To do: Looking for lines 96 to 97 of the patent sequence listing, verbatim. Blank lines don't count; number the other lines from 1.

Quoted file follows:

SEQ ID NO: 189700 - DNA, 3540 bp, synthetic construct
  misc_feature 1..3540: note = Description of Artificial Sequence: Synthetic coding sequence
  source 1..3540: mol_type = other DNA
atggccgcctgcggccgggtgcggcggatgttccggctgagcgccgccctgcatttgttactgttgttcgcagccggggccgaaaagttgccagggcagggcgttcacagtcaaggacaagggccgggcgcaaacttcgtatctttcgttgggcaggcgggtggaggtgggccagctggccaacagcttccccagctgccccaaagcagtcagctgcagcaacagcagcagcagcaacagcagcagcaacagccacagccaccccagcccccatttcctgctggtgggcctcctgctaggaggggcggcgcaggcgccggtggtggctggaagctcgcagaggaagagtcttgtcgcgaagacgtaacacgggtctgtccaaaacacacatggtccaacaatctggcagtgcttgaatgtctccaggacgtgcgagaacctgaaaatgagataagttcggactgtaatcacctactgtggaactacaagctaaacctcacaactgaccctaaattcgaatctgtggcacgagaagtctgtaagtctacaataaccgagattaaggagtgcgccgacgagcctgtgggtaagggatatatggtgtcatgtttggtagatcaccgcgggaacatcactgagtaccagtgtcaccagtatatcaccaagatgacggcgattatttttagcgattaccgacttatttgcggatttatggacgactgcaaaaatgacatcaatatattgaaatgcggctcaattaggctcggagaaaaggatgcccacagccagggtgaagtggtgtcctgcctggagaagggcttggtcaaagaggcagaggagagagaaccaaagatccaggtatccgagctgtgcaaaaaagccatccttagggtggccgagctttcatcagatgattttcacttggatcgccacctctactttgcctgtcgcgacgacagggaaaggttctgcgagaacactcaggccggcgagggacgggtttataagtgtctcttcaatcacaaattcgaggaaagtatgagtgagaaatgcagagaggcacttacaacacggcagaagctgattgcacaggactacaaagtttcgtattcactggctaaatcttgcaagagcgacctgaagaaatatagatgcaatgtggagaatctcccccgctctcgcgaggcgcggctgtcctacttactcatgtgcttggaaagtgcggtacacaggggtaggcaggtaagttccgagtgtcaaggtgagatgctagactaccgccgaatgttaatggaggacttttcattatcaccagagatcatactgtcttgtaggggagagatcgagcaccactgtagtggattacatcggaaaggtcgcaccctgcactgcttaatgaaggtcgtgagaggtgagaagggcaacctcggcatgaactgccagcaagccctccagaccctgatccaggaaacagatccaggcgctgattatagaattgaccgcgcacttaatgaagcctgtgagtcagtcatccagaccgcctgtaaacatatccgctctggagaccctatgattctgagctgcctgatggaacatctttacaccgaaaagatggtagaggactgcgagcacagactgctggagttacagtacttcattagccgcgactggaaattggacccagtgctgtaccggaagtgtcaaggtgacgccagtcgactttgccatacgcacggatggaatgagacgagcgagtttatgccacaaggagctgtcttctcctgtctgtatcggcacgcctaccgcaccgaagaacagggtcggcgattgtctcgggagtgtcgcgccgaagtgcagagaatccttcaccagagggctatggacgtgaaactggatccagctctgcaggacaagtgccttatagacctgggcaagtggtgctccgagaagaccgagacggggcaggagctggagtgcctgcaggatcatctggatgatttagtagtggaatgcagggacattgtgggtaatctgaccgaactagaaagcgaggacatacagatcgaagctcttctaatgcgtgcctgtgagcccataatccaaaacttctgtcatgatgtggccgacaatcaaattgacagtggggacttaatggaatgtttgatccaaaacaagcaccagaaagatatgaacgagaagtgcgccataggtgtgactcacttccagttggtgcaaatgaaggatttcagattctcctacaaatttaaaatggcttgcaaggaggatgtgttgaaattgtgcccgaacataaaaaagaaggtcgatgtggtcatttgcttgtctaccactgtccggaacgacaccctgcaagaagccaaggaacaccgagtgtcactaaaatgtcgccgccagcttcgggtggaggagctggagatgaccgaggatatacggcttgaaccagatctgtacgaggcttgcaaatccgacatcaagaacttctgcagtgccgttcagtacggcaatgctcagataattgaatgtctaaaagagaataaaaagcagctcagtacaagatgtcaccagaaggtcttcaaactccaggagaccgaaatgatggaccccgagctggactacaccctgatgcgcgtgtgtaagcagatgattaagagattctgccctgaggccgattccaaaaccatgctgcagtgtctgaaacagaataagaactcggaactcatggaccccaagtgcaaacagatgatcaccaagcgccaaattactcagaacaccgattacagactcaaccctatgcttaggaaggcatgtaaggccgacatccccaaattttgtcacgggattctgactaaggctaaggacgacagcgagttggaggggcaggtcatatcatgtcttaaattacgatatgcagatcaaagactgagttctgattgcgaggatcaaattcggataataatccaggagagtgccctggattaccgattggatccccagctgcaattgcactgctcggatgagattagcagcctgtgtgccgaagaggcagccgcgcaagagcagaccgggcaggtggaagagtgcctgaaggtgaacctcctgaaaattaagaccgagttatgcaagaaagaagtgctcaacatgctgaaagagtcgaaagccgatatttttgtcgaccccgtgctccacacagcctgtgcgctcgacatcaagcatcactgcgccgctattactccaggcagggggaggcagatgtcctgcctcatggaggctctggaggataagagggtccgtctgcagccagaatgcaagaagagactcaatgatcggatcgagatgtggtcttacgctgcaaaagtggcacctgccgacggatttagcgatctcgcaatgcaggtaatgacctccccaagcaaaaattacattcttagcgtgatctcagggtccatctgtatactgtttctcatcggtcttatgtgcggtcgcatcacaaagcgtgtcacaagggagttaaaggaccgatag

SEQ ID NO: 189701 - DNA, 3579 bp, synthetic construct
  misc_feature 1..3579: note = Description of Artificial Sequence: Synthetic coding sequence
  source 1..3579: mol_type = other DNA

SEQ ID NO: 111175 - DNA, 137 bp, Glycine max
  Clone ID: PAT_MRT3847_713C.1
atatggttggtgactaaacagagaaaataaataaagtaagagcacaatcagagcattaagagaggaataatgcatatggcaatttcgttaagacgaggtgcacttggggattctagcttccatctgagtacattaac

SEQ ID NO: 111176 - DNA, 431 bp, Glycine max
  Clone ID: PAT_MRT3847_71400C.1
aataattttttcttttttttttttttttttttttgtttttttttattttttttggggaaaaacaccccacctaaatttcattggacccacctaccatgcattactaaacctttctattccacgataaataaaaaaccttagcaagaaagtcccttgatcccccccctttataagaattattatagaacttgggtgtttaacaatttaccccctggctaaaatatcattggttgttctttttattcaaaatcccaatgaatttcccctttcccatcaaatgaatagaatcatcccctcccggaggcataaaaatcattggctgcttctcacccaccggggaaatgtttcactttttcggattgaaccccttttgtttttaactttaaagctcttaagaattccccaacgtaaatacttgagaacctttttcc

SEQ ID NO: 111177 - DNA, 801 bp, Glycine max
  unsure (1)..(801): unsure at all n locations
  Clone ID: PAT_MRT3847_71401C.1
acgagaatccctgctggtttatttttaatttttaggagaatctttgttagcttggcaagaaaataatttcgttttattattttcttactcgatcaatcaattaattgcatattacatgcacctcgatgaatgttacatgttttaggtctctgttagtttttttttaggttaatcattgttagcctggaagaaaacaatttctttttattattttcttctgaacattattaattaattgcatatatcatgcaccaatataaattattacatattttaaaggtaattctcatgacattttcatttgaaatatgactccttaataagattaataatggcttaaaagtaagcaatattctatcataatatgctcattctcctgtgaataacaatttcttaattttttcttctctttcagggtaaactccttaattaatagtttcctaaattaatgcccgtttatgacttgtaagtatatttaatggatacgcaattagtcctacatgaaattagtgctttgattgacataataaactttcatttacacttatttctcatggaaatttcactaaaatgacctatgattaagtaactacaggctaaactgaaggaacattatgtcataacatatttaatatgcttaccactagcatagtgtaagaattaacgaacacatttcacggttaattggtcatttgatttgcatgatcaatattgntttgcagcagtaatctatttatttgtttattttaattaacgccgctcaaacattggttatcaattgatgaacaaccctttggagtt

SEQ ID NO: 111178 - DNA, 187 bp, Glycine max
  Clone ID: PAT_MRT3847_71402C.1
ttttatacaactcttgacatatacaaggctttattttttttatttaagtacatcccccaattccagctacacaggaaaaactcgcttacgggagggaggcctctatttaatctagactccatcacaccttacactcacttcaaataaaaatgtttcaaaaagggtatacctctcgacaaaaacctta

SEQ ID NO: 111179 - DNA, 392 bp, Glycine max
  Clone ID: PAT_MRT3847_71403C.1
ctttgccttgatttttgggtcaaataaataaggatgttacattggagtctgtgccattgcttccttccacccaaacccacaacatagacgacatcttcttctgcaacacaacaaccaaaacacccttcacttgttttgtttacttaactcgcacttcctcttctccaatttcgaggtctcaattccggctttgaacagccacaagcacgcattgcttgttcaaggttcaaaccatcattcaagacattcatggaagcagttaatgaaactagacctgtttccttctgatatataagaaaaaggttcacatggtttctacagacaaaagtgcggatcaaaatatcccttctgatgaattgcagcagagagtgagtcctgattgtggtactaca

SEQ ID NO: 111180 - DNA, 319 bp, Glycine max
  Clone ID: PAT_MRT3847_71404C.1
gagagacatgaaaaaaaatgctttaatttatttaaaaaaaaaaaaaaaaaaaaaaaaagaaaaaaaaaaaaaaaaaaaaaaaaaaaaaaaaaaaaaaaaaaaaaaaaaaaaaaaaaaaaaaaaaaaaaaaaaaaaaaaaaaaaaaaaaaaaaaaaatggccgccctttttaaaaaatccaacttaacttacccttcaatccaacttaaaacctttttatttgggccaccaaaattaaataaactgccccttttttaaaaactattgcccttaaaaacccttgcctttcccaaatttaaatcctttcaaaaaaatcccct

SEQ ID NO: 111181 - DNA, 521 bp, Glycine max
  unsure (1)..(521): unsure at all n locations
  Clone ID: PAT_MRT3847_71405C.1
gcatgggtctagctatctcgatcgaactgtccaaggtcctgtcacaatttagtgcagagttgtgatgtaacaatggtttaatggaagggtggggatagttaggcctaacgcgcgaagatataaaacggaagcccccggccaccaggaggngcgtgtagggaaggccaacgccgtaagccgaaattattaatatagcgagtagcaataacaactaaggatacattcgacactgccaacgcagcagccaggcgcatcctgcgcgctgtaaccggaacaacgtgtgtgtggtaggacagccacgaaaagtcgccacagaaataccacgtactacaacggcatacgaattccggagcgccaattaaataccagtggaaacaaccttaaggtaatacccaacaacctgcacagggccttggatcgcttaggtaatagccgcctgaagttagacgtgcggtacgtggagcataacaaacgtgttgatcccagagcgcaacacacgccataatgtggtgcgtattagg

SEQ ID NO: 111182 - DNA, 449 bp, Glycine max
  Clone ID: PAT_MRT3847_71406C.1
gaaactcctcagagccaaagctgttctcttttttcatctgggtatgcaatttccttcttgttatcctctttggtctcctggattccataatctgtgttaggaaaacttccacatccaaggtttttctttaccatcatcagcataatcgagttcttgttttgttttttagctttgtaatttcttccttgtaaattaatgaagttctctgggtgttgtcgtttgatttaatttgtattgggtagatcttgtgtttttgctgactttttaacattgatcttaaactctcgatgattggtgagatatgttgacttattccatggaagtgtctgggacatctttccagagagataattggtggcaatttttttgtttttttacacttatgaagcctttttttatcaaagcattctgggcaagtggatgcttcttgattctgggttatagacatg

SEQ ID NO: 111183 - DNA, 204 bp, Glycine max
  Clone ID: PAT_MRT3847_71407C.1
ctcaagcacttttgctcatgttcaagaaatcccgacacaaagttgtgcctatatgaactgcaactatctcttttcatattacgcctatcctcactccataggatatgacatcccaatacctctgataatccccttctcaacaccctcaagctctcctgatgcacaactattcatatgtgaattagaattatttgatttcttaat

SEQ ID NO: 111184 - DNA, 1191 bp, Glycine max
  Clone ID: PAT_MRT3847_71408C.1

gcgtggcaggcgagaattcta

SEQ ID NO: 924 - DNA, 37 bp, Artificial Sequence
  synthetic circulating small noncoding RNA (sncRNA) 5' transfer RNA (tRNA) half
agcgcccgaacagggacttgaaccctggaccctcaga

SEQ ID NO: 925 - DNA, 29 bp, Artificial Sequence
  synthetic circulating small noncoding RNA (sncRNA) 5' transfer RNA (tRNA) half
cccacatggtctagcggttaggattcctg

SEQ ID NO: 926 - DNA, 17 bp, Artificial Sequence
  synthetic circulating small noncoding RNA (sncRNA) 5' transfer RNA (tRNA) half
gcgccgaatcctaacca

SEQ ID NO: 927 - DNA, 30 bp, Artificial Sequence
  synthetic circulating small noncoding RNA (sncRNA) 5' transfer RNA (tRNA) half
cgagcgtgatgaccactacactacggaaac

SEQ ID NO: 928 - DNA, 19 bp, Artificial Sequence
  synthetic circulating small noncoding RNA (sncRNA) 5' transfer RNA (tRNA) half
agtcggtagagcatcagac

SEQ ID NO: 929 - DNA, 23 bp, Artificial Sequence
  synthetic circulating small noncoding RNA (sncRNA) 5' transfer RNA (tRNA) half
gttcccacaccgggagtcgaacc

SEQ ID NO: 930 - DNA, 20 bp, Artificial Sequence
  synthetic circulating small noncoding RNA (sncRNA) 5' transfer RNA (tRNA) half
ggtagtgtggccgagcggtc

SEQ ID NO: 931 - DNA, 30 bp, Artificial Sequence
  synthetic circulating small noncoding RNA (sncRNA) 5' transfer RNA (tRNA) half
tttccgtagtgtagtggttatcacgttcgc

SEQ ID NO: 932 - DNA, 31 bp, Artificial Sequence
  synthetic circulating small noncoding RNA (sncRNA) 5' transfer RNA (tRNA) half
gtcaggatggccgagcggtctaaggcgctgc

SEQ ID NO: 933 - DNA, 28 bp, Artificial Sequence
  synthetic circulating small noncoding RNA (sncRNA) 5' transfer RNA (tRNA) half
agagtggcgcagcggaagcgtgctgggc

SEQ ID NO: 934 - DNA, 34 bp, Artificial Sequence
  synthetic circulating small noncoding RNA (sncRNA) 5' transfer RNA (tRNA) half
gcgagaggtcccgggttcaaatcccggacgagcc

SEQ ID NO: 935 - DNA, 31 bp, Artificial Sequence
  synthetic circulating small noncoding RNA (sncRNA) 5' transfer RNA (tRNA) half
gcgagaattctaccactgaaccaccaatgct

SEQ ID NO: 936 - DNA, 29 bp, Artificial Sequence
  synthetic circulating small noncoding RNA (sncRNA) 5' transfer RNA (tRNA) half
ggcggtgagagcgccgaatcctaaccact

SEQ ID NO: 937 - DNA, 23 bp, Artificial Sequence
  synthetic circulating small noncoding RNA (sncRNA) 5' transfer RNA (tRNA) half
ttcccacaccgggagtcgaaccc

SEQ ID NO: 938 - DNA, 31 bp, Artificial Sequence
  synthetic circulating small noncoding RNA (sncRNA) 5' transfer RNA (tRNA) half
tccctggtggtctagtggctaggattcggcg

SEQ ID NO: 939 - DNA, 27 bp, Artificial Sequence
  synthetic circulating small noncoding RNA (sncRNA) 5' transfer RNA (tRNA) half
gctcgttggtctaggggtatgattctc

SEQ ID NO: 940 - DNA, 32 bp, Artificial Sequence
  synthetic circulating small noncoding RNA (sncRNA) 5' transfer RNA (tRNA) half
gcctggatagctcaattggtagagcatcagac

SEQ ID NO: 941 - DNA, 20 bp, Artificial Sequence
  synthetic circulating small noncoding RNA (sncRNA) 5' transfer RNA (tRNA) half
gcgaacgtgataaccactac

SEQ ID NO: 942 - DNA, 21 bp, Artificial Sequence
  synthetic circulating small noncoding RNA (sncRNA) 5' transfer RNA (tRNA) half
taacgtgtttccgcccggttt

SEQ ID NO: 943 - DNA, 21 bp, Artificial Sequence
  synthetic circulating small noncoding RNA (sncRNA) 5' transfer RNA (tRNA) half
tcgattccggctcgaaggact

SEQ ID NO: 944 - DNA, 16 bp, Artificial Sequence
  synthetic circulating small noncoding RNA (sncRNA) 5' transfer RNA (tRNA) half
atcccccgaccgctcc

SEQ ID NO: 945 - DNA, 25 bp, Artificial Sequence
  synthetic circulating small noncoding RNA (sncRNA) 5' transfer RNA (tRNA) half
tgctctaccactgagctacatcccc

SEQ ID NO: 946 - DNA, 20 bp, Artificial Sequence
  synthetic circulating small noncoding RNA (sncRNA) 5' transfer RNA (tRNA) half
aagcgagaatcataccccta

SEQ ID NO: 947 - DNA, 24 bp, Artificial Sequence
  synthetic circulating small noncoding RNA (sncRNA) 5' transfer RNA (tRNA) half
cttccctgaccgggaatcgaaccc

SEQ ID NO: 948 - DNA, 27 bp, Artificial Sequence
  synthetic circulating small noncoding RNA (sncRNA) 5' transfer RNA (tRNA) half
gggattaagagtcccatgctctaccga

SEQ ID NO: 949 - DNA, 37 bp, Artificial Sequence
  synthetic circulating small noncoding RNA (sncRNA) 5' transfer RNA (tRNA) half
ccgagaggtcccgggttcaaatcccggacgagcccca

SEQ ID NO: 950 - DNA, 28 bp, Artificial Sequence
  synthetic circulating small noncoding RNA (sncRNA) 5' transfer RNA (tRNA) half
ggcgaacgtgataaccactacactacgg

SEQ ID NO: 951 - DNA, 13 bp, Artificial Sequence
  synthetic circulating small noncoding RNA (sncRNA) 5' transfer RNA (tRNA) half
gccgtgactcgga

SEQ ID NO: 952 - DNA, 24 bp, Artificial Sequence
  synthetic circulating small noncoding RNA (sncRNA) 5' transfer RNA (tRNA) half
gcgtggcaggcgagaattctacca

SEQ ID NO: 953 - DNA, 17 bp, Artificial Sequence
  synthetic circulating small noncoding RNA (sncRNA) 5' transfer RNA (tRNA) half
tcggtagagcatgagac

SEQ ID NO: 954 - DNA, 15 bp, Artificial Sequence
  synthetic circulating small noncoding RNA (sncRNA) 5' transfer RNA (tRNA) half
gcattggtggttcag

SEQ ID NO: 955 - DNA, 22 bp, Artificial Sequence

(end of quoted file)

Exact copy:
taacgtgtttccgcccggttt

SEQ ID NO: 943 - DNA, 21 bp, Artificial Sequence